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Press Release -- October 9th, 2020
Source: AT&T
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COVID-19 Makes World Mental Health Day Mission Critical

Accessibility is more important than ever before for those with mental health issues – and right now, that includes almost everyone. A recent study from Statista1 showed that, in the U.S. alone, a third of adults reported their mental health had suffered as a result of the pandemic.

Man using tablet device.

This makes World Mental Health Day, observed globally Oct. 10, mission critical for 2020. To help us understand how to safeguard mental health in times of extreme stress we turned to an experienced source: veterans.

“Mental health is a situation that’s totally compounded by the pandemic,” said Jeff Cole, president and CEO of the Veteran Employee Group at AT&T. “Contact and interaction are more important than ever and cannot become lost in the chaos.”

More than anything else, connection is essential to wellbeing, particularly in times of stress. At this moment in time, technology is the foundation of many of these interactions.   And, for those who live at the intersection of disability and mental health, digital accessibility has never been more essential.

And why is accessibility so important to the successful use of technology to form connections?

Cognitive, learning, and neurological disabilities that involve neurological disorders, as well as behavioral and mental health disorders, all impact how well people process and comprehend information. This can be particularly true for the veteran population. According to the ADA Network,2 nearly a third or, 3.5 million, of the 12 million veterans ages 21-64 (prime working age) report having a disability. Of those, more than 10% have difficulty with issues including hearing, vision and cognition.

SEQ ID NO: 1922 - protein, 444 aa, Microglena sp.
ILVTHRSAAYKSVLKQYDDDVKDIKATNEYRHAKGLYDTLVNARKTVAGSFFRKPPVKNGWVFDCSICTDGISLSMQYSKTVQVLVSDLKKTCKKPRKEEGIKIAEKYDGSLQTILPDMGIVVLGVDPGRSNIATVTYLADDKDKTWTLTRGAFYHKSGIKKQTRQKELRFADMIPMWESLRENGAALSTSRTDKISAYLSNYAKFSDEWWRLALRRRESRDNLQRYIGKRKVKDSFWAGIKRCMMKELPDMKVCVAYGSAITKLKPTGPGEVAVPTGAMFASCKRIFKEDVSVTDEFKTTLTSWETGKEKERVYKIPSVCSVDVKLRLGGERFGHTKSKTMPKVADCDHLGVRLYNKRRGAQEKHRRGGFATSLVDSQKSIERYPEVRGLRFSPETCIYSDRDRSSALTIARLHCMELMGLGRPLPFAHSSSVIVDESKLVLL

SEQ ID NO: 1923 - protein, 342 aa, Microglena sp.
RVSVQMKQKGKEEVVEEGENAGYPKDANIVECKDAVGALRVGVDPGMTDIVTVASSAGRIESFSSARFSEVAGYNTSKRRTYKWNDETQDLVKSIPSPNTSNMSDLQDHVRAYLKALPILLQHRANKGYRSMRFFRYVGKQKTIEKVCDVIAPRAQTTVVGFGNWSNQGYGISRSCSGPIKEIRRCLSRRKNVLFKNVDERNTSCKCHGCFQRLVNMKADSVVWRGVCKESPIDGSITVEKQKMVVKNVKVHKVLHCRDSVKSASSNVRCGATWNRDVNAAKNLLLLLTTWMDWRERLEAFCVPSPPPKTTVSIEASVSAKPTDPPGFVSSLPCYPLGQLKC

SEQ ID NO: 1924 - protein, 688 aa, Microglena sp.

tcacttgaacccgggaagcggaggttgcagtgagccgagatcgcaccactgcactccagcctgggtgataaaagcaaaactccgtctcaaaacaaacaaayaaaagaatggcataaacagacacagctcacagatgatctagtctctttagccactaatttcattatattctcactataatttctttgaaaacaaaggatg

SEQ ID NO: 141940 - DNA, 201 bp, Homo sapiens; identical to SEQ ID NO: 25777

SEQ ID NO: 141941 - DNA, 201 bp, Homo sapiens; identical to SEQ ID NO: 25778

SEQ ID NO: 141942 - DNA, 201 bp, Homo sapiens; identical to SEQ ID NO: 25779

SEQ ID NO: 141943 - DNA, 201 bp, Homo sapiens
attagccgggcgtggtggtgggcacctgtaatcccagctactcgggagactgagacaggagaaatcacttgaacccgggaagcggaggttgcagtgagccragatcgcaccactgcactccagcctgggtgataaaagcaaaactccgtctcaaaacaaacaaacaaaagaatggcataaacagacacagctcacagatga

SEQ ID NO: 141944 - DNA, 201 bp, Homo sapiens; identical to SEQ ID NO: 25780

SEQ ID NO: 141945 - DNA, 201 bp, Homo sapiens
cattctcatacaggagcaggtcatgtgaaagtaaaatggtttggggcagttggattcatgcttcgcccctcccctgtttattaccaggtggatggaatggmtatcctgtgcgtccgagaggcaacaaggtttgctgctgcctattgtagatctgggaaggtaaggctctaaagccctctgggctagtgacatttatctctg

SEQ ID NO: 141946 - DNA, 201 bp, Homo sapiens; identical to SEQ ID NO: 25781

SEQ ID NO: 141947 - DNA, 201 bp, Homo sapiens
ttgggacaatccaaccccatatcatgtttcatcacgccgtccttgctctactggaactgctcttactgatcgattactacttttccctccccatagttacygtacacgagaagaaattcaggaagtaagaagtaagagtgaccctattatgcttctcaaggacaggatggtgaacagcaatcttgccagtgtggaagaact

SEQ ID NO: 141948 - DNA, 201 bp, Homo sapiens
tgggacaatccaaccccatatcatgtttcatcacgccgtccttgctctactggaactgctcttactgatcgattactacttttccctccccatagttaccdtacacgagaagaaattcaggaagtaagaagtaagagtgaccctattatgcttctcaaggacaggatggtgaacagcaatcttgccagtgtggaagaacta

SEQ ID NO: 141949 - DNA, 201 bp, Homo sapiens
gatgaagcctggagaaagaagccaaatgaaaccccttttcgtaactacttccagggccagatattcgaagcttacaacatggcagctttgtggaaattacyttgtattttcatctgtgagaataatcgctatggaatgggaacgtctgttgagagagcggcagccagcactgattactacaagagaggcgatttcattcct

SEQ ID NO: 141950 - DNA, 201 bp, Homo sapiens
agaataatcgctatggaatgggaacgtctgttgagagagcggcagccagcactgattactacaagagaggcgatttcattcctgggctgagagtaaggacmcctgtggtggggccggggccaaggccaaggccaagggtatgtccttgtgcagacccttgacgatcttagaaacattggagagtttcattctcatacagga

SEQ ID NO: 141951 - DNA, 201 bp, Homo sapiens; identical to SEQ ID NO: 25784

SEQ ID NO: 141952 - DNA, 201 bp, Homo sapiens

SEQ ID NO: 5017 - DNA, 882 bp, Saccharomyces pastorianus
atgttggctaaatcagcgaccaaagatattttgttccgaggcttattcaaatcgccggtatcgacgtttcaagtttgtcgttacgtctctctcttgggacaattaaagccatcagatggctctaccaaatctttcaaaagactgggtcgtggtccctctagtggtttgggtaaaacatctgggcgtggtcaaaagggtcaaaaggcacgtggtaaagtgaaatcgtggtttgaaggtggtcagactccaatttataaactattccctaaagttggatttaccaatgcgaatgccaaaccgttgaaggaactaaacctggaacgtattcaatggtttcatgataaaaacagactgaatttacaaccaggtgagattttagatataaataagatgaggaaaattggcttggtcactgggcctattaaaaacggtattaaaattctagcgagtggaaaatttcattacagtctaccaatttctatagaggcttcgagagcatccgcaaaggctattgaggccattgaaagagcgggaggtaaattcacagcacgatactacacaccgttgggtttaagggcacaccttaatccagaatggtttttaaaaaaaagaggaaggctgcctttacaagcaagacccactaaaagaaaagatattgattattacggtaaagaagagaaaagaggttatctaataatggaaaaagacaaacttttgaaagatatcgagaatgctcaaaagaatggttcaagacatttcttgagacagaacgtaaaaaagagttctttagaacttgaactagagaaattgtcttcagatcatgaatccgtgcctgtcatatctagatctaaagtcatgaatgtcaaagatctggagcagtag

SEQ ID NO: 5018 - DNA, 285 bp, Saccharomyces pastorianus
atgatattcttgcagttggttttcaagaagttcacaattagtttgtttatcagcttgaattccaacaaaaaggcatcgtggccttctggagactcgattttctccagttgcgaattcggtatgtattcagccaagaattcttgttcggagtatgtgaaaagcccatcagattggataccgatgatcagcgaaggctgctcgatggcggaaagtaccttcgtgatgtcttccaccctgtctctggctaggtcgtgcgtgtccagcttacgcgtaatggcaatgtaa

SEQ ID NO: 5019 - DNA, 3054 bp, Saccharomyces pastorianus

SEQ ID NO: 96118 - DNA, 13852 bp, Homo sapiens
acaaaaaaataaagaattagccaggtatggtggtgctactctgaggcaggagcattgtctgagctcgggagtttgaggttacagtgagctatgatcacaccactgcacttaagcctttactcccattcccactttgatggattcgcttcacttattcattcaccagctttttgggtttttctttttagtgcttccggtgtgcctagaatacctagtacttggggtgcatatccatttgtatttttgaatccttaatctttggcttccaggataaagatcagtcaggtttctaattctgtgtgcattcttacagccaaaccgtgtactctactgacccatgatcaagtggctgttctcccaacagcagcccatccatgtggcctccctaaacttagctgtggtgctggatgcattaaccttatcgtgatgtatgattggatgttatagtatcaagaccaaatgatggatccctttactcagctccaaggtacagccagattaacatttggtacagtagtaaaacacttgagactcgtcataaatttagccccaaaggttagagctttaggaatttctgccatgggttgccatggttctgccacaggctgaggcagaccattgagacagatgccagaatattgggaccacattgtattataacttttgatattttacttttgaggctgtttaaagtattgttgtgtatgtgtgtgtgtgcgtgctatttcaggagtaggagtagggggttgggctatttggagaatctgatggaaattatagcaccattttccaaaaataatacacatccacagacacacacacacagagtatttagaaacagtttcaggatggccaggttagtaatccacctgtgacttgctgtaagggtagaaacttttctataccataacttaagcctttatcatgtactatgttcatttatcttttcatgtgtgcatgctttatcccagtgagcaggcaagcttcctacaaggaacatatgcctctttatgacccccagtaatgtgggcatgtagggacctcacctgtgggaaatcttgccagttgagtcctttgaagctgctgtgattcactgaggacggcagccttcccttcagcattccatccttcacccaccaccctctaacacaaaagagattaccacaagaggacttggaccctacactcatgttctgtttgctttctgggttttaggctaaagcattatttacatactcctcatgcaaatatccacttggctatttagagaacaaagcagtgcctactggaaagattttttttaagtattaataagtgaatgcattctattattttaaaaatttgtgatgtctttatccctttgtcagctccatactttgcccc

Veterans are also, for various reasons, more susceptible to depression and worse. Almost 20 veterans a day die by suicide. Jeff said even veterans who successfully transition from the military to the business world can struggle to find purpose in their work and establish the sense of community they had in the service.

Jeff said the isolation that COVID-19 demands and the environmental, social and political unrest occurring in the world make it easy for anyone to slip into a “cave mentality.” That “cave” can be the worst place in the world for someone who may already be in a less than ideal mental state. That’s where technology comes into play during a pandemic – whether it’s you or someone you care about who may be struggling.

“Stay engaged – don’t check out,” he said.

A man holding a coffee cup

Using accessible technology to promote mental wellbeing

Ensure your online interactions build healthy connections by practicing these guidelines to digital accessibility:

  1. 1. Use familiar technology.
    If you’re having trouble connecting with someone, don’t generate more frustration by introducing unfamiliar technology. “Engage in a way that you or the other person find easy or convenient,” Jeff said.
  2. 2. Be helpful and encouraging.
    If the person you’re trying to reach is having technical difficulties, try to provide assistance where you can with online platform use. Encourage them when they find a work-around … or to get a techie involved if not.
  3. 3. Be an advocate.
    If you learn of or experience a specific difficulty an at-risk or a person with a disability is having with a device or platform, take that issue to the source. Explain to the provider how it’s not working or helpful.
  4. 4. Refer to the experts.
    Identify resources to refer to for help. Connecting is a powerful experience, especially when someone is hurting or in trouble. But, unless you are a certified professional, there likely are limits to the amount of help you alone can provide.
  5. 5. Be persistent.
    If you or a loved one are struggling, giving up isn’t an option. “Don’t think that you will make it worse by reaching out,” Jeff said. “Don’t back off. A successful connection can make all of the difference.”

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